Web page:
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Thread: Black cricketers (English Cricket)

  1. #1
    Banned Pratters's Avatar
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    Black cricketers (English Cricket)


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    Cricket Web Staff Member Richard's Avatar
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    There was an article somewhere else along these lines a little while ago, can't remember where. Don't know if it was discussed in CW, though.
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    Englishman BoyBrumby's Avatar
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    Think the article covers it pretty well. More & more of the talented black kids who would've played cricket a generation ago are playing football. Conversely there are next to no British Asian professional footballers (Michael Chopra is the only one I can think of off the top of my head) but we have a healthy sprinkling in our cricket team.
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    State Vice-Captain Spitfires_Fan's Avatar
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    Yeah, was a good article I thought. It'll be interesting to see how Robbie Joseph develops for Kent. He had made a good start to the season before his horror match against Durham a couple of weeks ago.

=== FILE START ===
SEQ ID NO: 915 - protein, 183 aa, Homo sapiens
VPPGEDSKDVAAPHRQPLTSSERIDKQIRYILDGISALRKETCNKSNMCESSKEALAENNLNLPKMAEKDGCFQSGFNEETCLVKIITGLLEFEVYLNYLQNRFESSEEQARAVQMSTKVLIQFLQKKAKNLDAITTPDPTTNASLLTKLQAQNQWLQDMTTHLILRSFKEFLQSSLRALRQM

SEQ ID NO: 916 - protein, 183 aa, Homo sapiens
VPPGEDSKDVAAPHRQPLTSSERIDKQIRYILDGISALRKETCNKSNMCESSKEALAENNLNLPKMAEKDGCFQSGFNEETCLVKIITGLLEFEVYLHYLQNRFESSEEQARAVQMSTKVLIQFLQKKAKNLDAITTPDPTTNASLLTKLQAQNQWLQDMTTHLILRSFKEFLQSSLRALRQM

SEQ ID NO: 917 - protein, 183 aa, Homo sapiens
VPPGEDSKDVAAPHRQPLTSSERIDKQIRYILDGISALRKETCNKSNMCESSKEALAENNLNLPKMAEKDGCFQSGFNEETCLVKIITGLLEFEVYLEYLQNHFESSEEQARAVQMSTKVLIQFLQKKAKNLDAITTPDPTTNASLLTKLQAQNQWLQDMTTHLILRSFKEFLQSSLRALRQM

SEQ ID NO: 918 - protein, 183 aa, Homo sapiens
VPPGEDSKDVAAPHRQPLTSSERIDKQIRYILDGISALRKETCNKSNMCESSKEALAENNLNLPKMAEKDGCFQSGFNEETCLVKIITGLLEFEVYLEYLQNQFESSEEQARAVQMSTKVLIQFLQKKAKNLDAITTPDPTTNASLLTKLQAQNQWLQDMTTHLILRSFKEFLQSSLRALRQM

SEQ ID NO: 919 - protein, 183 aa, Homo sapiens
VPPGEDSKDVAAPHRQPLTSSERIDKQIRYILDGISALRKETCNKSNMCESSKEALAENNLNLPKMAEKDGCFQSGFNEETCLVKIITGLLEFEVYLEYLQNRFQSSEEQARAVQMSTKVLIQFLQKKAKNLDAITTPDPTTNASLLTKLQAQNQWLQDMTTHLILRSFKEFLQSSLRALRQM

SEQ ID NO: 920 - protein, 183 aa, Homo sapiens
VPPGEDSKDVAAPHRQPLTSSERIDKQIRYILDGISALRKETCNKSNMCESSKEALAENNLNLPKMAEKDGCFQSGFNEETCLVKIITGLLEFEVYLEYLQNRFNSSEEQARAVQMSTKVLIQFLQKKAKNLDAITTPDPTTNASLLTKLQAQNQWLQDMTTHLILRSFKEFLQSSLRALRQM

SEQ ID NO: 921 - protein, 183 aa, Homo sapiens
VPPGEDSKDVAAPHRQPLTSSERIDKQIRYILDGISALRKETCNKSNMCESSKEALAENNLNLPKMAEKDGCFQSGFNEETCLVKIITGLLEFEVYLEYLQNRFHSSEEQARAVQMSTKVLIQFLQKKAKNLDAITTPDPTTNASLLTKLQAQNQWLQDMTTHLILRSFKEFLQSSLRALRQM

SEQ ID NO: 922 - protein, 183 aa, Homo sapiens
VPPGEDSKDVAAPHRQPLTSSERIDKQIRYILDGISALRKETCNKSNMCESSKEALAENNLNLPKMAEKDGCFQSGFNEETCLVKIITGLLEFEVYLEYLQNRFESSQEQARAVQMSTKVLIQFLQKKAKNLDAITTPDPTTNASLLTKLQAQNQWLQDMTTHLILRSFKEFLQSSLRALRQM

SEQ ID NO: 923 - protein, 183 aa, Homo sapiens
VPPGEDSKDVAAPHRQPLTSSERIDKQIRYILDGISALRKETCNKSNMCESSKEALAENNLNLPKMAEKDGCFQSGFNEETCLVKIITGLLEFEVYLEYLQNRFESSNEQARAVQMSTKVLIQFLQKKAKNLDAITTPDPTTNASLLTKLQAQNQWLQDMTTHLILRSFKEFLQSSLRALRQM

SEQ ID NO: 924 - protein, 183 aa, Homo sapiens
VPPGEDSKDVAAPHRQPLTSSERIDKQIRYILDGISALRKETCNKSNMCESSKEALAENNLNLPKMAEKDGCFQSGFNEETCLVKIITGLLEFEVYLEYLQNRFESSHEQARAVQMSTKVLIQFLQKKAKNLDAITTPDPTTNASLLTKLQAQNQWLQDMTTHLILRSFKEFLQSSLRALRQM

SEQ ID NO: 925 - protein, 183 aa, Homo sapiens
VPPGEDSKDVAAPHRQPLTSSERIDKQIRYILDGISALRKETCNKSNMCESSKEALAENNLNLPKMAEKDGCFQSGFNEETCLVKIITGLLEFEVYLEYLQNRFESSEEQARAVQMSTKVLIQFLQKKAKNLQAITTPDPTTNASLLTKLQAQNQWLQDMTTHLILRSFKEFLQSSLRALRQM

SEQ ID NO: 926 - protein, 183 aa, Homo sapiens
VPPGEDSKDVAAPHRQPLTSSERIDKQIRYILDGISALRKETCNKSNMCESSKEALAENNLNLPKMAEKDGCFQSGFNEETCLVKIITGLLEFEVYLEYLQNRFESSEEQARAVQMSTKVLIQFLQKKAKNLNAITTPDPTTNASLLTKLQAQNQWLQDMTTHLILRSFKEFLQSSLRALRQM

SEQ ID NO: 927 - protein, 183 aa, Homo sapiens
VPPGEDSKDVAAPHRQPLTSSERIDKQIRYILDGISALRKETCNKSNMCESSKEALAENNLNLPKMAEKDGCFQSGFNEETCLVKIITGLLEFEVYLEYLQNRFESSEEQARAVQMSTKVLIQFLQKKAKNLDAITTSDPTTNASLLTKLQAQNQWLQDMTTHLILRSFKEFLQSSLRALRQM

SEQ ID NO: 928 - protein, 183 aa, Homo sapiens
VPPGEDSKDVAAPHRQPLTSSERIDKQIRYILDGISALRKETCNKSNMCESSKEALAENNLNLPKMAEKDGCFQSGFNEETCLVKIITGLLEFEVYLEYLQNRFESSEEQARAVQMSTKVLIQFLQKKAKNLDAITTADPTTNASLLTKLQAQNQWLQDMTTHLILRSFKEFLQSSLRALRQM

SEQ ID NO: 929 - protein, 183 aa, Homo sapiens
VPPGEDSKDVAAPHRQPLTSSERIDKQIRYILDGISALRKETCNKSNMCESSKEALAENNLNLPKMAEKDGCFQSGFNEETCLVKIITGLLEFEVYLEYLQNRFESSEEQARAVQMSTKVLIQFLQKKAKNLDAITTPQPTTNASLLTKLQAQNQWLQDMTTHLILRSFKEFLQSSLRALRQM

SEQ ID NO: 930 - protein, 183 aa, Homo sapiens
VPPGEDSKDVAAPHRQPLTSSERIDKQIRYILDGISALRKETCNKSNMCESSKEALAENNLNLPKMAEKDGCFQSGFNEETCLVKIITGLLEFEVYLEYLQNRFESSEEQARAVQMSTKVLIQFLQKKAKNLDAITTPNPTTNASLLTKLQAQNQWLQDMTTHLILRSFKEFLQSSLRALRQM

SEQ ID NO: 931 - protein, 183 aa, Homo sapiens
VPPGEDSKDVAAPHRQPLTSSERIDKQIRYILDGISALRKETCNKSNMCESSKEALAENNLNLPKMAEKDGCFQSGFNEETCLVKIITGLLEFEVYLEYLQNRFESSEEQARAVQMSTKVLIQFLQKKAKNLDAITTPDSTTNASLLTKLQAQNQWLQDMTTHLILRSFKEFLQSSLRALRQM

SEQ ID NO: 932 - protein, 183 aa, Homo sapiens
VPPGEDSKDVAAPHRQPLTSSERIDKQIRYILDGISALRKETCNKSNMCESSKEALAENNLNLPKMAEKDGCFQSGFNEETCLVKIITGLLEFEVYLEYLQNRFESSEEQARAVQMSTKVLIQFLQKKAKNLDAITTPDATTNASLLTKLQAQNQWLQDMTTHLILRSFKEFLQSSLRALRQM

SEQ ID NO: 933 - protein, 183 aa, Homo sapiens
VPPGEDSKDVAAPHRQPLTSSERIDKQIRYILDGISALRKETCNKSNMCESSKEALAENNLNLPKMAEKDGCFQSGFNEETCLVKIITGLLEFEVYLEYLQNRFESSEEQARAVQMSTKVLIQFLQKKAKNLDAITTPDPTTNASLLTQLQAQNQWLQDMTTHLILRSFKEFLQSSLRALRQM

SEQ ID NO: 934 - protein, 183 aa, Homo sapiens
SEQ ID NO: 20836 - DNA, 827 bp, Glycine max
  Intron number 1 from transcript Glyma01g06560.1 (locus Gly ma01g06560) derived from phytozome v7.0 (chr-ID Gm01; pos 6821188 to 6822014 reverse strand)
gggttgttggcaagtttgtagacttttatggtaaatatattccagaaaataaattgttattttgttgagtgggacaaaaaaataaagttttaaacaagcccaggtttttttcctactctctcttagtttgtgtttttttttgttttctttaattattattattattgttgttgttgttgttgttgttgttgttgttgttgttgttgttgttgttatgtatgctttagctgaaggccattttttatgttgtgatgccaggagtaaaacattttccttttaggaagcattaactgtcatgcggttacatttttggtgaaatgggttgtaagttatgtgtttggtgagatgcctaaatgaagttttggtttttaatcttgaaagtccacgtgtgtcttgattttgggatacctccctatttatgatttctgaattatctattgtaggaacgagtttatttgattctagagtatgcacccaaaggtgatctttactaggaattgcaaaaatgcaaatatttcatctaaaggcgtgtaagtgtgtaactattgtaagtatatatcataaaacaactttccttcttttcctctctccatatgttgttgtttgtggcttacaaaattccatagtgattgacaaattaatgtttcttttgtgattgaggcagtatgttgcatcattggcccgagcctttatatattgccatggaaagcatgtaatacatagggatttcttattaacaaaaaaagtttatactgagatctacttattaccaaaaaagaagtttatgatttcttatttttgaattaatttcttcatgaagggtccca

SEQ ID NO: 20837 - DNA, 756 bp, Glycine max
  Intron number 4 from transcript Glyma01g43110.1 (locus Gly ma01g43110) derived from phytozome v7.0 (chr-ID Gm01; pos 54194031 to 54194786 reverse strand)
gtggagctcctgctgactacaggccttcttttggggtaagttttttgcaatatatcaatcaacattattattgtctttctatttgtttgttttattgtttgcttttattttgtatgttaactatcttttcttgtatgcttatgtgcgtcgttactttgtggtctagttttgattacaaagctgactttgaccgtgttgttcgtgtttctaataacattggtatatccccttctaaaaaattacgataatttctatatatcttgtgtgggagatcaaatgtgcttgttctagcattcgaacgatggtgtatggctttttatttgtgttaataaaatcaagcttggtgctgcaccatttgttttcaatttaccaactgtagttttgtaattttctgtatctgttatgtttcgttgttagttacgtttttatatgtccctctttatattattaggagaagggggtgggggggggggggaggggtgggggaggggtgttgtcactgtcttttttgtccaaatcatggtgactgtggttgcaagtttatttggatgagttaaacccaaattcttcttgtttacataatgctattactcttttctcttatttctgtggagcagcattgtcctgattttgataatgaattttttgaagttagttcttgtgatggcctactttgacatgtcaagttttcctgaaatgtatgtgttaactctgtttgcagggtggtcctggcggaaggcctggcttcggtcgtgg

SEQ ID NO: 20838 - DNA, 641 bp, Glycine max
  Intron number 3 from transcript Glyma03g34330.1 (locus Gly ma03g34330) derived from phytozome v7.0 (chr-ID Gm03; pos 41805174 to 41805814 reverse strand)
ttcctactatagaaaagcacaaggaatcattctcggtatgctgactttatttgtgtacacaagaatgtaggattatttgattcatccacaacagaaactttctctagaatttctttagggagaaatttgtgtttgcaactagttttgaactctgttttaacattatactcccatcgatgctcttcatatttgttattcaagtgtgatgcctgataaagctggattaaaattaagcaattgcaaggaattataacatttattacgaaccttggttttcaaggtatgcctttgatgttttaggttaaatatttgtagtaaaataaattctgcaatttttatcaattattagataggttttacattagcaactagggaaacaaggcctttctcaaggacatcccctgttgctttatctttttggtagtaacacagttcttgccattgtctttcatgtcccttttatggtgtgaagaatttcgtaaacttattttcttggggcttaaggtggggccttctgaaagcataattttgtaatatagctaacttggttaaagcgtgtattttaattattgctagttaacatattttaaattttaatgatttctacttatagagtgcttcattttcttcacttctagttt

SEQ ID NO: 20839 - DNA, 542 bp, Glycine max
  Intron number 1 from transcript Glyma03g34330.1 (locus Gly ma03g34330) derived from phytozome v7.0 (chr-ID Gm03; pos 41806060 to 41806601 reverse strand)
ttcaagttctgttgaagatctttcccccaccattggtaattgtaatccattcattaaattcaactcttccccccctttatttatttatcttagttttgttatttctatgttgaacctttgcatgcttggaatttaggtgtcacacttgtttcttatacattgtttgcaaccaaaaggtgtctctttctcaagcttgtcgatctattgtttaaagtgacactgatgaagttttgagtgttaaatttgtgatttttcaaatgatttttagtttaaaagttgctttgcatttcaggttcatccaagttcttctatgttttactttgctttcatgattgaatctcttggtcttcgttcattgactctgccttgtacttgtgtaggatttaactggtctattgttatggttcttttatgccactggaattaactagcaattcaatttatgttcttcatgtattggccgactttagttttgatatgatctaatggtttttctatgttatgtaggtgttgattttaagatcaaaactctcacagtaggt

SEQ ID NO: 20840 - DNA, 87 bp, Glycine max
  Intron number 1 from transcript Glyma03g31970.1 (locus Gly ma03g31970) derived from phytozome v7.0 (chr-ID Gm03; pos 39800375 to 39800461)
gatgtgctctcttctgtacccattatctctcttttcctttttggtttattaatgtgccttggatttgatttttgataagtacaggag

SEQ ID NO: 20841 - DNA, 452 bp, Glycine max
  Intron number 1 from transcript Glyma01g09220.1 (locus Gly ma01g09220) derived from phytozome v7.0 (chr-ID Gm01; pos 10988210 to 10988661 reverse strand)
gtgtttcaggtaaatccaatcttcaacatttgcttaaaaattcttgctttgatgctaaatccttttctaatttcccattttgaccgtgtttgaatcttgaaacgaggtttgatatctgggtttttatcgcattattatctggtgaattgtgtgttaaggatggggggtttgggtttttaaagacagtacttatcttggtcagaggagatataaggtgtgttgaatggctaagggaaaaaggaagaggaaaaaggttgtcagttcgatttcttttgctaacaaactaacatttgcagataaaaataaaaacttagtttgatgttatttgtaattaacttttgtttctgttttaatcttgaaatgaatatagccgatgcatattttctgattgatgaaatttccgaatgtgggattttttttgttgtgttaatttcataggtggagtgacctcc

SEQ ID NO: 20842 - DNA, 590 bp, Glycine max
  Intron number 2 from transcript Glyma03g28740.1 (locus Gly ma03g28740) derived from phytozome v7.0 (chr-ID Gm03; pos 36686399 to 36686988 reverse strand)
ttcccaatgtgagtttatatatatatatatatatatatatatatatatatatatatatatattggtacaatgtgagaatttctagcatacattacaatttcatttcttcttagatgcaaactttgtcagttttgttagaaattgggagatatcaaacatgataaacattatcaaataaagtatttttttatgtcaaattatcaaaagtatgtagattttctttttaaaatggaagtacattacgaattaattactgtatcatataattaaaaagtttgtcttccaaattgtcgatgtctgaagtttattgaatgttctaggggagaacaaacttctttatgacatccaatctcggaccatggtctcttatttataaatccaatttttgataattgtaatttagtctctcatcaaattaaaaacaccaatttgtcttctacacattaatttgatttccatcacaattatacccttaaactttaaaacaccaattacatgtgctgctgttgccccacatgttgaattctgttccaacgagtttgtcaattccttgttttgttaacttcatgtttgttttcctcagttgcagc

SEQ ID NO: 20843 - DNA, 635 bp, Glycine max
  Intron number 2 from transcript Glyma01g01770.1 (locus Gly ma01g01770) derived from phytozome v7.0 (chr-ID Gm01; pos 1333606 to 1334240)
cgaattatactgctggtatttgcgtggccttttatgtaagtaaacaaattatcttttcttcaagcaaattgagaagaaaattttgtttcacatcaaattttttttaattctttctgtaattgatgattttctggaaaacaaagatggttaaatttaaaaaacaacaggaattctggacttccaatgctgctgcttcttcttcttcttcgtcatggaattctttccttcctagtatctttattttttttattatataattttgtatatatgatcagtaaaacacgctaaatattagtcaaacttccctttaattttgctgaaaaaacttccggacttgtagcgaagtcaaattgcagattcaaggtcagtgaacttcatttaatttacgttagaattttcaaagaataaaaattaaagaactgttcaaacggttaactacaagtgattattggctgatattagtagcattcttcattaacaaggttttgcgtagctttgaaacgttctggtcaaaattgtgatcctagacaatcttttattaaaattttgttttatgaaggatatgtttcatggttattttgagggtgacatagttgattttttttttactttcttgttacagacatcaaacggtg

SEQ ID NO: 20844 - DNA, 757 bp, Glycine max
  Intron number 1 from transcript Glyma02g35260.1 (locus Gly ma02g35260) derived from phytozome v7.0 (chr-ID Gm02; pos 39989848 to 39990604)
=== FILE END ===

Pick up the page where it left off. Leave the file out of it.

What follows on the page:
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    Hall of Fame Member Goughy's Avatar
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    There are a number of reasons why as alluded to in the article.

    Firstly, the changing demographics of the black population in the UK.
    Between 1980 and 1997 10 black players debuted for England and only 2 of them (Syd and Neil Williams) were born in England. Lewis, Benjamin, Malcolm, DeFreitas, Small, Slack, Cowans and Roland Butcher (no relation to Mark Butcher) were all born in the West Indies.

    England has never had a track record of producing British-born black cricketers.

    In 1997 Mark Butcher and Dean Headley debuted. I wouldnt include them in this discussion for 2 reasons. Firstly they are not a typical product of a system as they come from cricketing dynasties with both their fathers being Test cricketers (Headley, father and Grandfather for WI and Butcher, father for England) and they grew up around the County scene. Secondly, they are mixed race.